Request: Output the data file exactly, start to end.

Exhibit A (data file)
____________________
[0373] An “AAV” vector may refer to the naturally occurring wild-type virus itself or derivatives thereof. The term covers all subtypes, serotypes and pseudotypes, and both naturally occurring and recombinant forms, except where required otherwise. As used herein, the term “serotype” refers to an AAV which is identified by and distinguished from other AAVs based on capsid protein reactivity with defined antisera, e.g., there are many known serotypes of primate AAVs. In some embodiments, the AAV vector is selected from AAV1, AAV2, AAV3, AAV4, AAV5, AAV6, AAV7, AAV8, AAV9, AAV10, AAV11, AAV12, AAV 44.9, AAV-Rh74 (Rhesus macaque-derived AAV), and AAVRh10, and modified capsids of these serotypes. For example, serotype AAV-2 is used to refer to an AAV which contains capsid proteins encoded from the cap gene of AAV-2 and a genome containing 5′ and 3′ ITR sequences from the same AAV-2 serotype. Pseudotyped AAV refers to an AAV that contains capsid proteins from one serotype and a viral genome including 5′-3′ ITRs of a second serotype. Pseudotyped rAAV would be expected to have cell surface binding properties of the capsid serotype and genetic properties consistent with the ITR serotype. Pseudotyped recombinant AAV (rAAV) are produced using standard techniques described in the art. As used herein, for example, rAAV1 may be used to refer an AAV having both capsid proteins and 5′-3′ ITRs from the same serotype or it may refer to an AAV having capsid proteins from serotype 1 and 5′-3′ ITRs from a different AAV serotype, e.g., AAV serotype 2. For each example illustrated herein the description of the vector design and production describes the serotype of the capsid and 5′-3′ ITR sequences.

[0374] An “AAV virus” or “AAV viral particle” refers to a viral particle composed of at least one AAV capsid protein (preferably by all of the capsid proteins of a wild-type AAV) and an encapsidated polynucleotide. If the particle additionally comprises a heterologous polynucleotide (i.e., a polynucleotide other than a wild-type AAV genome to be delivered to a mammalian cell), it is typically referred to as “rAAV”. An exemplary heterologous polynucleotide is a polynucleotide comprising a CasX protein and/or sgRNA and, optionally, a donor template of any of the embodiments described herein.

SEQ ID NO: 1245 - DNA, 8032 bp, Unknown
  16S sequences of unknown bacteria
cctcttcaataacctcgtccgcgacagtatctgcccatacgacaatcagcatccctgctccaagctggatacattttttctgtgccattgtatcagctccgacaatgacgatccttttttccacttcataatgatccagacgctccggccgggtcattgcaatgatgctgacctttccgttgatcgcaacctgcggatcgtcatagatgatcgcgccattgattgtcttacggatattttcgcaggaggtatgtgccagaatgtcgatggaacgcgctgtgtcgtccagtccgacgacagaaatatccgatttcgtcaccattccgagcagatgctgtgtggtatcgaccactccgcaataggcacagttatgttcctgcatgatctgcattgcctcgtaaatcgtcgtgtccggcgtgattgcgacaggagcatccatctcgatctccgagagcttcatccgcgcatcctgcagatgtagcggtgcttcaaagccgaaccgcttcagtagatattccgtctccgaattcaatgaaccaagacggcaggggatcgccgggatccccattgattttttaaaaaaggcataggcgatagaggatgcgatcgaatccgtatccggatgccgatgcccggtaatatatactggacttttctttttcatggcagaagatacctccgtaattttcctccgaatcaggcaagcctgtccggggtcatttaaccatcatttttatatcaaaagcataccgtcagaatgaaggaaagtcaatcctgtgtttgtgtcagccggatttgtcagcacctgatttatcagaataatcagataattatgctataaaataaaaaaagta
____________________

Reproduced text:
[0373] An “AAV” vector may refer to the naturally occurring wild-type virus itself or derivatives thereof. The term covers all subtypes, serotypes and pseudotypes, and both naturally occurring and recombinant forms, except where required otherwise. As used herein, the term “serotype” refers to an AAV which is identified by and distinguished from other AAVs based on capsid protein reactivity with defined antisera, e.g., there are many known serotypes of primate AAVs. In some embodiments, the AAV vector is selected from AAV1, AAV2, AAV3, AAV4, AAV5, AAV6, AAV7, AAV8, AAV9, AAV10, AAV11, AAV12, AAV 44.9, AAV-Rh74 (Rhesus macaque-derived AAV), and AAVRh10, and modified capsids of these serotypes. For example, serotype AAV-2 is used to refer to an AAV which contains capsid proteins encoded from the cap gene of AAV-2 and a genome containing 5′ and 3′ ITR sequences from the same AAV-2 serotype. Pseudotyped AAV refers to an AAV that contains capsid proteins from one serotype and a viral genome including 5′-3′ ITRs of a second serotype. Pseudotyped rAAV would be expected to have cell surface binding properties of the capsid serotype and genetic properties consistent with the ITR serotype. Pseudotyped recombinant AAV (rAAV) are produced using standard techniques described in the art. As used herein, for example, rAAV1 may be used to refer an AAV having both capsid proteins and 5′-3′ ITRs from the same serotype or it may refer to an AAV having capsid proteins from serotype 1 and 5′-3′ ITRs from a different AAV serotype, e.g., AAV serotype 2. For each example illustrated herein the description of the vector design and production describes the serotype of the capsid and 5′-3′ ITR sequences.

[0374] An “AAV virus” or “AAV viral particle” refers to a viral particle composed of at least one AAV capsid protein (preferably by all of the capsid proteins of a wild-type AAV) and an encapsidated polynucleotide. If the particle additionally comprises a heterologous polynucleotide (i.e., a polynucleotide other than a wild-type AAV genome to be delivered to a mammalian cell), it is typically referred to as “rAAV”. An exemplary heterologous polynucleotide is a polynucleotide comprising a CasX protein and/or sgRNA and, optionally, a donor template of any of the embodiments described herein.

SEQ ID NO: 1245 - DNA, 8032 bp, Unknown
  16S sequences of unknown bacteria
cctcttcaataacctcgtccgcgacagtatctgcccatacgacaatcagcatccctgctccaagctggatacattttttctgtgccattgtatcagctccgacaatgacgatccttttttccacttcataatgatccagacgctccggccgggtcattgcaatgatgctgacctttccgttgatcgcaacctgcggatcgtcatagatgatcgcgccattgattgtcttacggatattttcgcaggaggtatgtgccagaatgtcgatggaacgcgctgtgtcgtccagtccgacgacagaaatatccgatttcgtcaccattccgagcagatgctgtgtggtatcgaccactccgcaataggcacagttatgttcctgcatgatctgcattgcctcgtaaatcgtcgtgtccggcgtgattgcgacaggagcatccatctcgatctccgagagcttcatccgcgcatcctgcagatgtagcggtgcttcaaagccgaaccgcttcagtagatattccgtctccgaattcaatgaaccaagacggcaggggatcgccgggatccccattgattttttaaaaaaggcataggcgatagaggatgcgatcgaatccgtatccggatgccgatgcccggtaatatatactggacttttctttttcatggcagaagatacctccgtaattttcctccgaatcaggcaagcctgtccggggtcatttaaccatcatttttatatcaaaagcataccgtcagaatgaaggaaagtcaatcctgtgtttgtgtcagccggatttgtcagcacctgatttatcagaataatcagataattatgctataaaataaaaaaagta